25 Apr 2016 Articles Comments (2)

In His Image and Likeness: How I Evangelize Atheists

In my April 6 post, “The Clothes Have No Emperor,"I offered one illustration of how I evangelize those who doubt or deny the existence of God. In upcom…

Read more

09 Sep 2015 News USA Comments (1)

A call to joy, mercy and hope – LA's three new bishops ordained

Archbishop Jose H. Gomez of Los Angeles ordained three new auxiliary bishops on Thursday, including the prominent internet evangelist Father Robert Barron. The …

Read more

16 Nov 2015 Europe News Comments (1)

Paris terrorist attacks Victims mourned at Notre Dame Mass, Watch the Video

The Victims of the Friday terrorist attacks in Paris are being mourned for three days now, nationally in Paris. In Notre Dame, one of the biggest and oldest Cat…

Read more

04 Jun 2015 Articles Q&A No comments

Does The Church Believe in Yoga, Zen, Tai Chi, Chakra e.t.c

Issue: Should Christians look to non-Christian methods of meditation to draw closer to God? What are the more popular non-Christian methods of today? Can the Ch…

Read more

22 Sep 2015 Europe News No comments

Have compassion on the migrant, European Christian leaders urge

The presidents of the Commission of the Bishops' Conferences of the European Community (COMECE) and the Conference of European Churches (CEC) met on September 1…

Read more

17 Sep 2016 Americas News USA Vatican No comments

St. Thomas More relics coming to U.S. for the FIRST TIME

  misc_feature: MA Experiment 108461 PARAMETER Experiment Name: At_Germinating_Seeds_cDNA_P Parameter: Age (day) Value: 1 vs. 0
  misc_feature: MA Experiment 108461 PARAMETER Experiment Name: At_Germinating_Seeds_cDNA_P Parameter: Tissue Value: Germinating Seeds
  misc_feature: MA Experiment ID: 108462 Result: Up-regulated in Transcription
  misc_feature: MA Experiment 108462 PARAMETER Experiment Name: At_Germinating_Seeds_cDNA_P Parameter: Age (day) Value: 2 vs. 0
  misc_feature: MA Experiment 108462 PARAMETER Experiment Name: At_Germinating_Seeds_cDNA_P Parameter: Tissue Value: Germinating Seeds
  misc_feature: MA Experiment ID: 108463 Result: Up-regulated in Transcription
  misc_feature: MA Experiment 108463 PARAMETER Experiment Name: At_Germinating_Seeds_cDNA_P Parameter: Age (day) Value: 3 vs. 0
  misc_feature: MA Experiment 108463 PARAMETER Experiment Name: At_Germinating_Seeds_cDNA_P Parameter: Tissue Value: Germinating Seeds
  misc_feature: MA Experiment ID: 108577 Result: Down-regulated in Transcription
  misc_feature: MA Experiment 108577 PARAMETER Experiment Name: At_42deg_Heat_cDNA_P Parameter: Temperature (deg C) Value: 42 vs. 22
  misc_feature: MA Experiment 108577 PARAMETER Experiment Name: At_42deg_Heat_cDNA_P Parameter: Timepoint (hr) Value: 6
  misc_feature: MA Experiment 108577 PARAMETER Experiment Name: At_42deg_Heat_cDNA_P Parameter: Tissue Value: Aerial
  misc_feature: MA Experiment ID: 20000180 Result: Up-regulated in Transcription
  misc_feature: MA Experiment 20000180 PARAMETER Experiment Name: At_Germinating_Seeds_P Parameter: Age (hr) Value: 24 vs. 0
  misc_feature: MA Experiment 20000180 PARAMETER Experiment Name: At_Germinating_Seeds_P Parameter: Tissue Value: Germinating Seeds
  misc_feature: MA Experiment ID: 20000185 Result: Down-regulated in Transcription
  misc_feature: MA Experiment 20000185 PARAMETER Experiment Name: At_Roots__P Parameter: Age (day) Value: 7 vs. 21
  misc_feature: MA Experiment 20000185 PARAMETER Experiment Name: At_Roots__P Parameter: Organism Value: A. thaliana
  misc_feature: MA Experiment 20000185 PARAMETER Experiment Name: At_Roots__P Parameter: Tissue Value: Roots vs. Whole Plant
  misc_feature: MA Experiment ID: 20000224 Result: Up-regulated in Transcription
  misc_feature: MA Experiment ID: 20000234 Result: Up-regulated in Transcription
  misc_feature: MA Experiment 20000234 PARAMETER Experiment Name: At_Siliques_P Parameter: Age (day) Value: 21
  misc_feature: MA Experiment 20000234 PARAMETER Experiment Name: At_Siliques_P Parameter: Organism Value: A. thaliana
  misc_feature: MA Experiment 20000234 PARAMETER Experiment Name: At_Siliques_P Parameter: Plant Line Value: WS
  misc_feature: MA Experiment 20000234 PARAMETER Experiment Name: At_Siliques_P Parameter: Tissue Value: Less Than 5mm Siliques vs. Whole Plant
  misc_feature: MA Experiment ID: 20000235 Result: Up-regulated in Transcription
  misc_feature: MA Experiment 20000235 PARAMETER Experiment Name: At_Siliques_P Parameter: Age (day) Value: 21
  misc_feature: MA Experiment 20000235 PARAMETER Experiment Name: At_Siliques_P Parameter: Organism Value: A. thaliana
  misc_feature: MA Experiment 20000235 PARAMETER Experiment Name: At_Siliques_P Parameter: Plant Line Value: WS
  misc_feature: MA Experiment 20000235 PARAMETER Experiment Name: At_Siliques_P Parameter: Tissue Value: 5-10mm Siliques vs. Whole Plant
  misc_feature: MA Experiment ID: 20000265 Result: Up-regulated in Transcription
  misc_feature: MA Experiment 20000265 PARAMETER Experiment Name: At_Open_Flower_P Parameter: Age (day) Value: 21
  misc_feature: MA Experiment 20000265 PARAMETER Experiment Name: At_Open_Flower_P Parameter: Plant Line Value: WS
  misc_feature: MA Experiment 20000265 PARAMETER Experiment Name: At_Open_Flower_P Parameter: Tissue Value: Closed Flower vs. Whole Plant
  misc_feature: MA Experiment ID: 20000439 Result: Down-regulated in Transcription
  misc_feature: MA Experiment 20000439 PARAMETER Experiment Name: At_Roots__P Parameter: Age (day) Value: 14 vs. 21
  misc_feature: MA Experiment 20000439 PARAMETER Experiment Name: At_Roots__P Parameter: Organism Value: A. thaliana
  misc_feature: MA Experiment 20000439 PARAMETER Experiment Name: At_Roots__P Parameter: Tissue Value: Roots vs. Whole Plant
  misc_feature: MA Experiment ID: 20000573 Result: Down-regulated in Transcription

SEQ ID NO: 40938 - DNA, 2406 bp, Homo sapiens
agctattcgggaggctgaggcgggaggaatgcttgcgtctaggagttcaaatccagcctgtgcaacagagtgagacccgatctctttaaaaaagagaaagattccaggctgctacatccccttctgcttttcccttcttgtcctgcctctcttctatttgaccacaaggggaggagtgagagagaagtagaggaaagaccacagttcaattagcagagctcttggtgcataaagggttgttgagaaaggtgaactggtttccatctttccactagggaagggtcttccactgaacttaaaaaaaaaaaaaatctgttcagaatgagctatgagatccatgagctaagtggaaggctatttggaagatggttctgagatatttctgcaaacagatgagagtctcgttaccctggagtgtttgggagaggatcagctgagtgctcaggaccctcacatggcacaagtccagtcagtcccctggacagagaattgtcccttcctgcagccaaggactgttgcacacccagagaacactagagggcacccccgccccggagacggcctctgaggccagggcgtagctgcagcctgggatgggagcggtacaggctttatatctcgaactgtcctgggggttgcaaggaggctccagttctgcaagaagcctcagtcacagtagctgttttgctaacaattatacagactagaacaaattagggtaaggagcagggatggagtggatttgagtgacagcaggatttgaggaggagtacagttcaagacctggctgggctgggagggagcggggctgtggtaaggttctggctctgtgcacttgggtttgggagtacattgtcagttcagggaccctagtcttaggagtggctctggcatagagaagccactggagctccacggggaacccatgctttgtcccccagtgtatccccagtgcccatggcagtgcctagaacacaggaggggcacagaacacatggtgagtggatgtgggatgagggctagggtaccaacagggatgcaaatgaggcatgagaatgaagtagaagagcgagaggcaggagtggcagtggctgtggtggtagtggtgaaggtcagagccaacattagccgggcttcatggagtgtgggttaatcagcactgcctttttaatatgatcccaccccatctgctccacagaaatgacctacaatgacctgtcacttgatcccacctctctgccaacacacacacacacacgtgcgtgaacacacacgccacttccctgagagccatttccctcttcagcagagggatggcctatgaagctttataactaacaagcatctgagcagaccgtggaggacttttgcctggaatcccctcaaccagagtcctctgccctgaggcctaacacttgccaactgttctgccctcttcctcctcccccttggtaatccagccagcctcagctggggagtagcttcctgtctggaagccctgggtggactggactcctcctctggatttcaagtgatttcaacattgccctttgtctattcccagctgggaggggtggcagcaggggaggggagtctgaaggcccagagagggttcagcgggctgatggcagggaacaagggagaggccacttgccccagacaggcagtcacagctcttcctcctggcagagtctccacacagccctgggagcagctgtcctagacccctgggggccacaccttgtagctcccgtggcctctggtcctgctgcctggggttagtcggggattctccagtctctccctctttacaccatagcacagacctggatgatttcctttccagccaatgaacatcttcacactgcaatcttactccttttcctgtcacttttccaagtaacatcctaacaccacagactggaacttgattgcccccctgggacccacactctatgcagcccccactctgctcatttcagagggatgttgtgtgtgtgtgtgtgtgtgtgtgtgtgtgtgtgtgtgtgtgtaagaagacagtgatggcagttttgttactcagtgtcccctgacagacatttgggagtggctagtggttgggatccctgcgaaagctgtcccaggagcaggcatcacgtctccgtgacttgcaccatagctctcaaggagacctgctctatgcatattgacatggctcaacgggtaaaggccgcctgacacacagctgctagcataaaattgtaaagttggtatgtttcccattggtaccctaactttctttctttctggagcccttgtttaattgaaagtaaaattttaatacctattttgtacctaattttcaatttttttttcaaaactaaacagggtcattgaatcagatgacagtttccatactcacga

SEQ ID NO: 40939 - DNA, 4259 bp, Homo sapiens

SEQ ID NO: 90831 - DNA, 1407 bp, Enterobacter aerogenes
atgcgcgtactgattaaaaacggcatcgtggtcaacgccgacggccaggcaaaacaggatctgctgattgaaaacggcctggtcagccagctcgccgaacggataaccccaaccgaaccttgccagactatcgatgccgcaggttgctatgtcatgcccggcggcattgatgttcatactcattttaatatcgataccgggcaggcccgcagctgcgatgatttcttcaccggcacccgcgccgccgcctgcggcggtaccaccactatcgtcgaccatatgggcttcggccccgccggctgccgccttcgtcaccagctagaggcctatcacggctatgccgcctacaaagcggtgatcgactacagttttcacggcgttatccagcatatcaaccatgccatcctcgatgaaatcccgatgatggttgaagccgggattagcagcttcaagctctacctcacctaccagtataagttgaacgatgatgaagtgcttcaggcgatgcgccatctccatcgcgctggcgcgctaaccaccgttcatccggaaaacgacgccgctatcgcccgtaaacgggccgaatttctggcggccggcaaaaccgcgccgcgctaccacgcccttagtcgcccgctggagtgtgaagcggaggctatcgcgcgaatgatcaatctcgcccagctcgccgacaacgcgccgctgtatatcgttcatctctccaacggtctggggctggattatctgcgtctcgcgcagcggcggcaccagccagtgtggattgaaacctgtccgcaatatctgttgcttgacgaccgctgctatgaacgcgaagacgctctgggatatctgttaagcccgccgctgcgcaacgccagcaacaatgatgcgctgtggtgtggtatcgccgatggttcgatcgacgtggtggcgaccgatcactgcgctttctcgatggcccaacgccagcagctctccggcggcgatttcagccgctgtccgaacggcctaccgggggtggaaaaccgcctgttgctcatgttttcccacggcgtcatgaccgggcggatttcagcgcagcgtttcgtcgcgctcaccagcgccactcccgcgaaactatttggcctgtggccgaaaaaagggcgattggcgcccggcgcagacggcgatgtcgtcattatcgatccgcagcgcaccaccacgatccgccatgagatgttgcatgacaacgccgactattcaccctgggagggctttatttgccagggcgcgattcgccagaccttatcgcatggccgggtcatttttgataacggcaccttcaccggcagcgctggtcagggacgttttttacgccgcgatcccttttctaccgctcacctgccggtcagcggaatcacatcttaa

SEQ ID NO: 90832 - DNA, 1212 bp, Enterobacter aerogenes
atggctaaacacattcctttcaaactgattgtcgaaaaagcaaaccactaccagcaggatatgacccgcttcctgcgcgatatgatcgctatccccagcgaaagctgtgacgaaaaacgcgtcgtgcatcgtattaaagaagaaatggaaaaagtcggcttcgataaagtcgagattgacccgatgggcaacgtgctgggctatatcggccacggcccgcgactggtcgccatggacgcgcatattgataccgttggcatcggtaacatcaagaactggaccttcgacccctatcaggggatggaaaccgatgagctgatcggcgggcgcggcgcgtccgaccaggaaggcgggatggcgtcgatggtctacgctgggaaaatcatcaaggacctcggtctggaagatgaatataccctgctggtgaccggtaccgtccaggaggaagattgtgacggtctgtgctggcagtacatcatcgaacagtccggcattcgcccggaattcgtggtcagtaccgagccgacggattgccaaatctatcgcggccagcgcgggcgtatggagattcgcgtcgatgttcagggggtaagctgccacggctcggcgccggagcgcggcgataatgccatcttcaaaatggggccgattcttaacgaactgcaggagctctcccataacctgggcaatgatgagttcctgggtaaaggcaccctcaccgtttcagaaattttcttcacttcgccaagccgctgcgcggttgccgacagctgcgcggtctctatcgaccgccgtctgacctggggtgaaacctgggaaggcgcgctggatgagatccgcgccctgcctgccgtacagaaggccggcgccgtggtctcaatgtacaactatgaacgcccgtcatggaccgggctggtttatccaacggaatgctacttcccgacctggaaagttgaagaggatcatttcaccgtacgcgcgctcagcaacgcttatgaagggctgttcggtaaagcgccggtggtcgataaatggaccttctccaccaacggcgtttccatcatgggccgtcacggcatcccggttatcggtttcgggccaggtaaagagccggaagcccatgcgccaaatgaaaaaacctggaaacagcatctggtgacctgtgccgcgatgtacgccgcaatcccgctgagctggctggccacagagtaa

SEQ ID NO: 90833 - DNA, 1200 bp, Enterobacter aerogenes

Centuries-old relics and artifacts of St. Thomas More will be coming to the U.S. for the first time in an exhibit that curators hope will evangelize today's fai…

Read more

23 Jun 2016 Articles Comments (4)

Does the Catholic Church Condemn Homosexuals?

OBJECTOR: I’m straight, but I have a lot of gay friends, and they tell me that Christians look down on them as if they are not worthy of human respect. An…

Read more

30 Jul 2016 Articles Comments (1)

Early Teachings on Infant Baptism

Although many Protestant traditions baptize babies, Baptists—and "Bible churches" in the Baptist tradition—insist that baptism is only for those who have come t…

Read more

21 Nov 2014 Q&A Comments (1)

Apart from God's saving works, no one can be saved. So how can atheists be saved just by acting charitably?

Full Question Someone told me that atheists could be saved if they acted charitably, but I said that apart from God's saving works, man cannot save himself…

Read more
  • 1
  • 2
  • 3

Religious vocations decrease in China following Government restrictions

Missionaries of the Sacred Heart of Jesus are concerned about the growing decline

Catholic female religious orders have expanded rapidly in China over the past decade, but are now facing restrictions and a decrease in vocations, religious sisters from various parts of China have said.

“Religious sisters are highly important here – they do most of the missionary work in parishes, as well as providing educational and medical help," said Sister Teresa Yu, a member of the Missionaries of the Sacred Heart of Jesus.

“But the government is now demanding licenses, so conditions have become more difficult. Some of our clinics and homes have had to close, and we fear more curbs will follow, while people are less willing to see their children enter religious orders because of the (government’s) one-child policy."

Sister Yu and other Chinese sisters spoke to Catholic News Service in mid-September, during a European Catholic China colloquium, co-organised by Germany’s Catholic China-Zentrum, which fosters encounter and exchanges between cultures and religions in the West and in China, and the Polish Catholic Church’s Sinicum institute.

The colloquium brought together Catholics from China, clergy and scholars from the United States and a dozen European countries.

Sister Yu told Catholic News Service that nuns run catechism and Bible study classes in most Chinese parishes, as well as help the sick, homeless and elderly, but were frequently impeded by “unnecessary restrictions."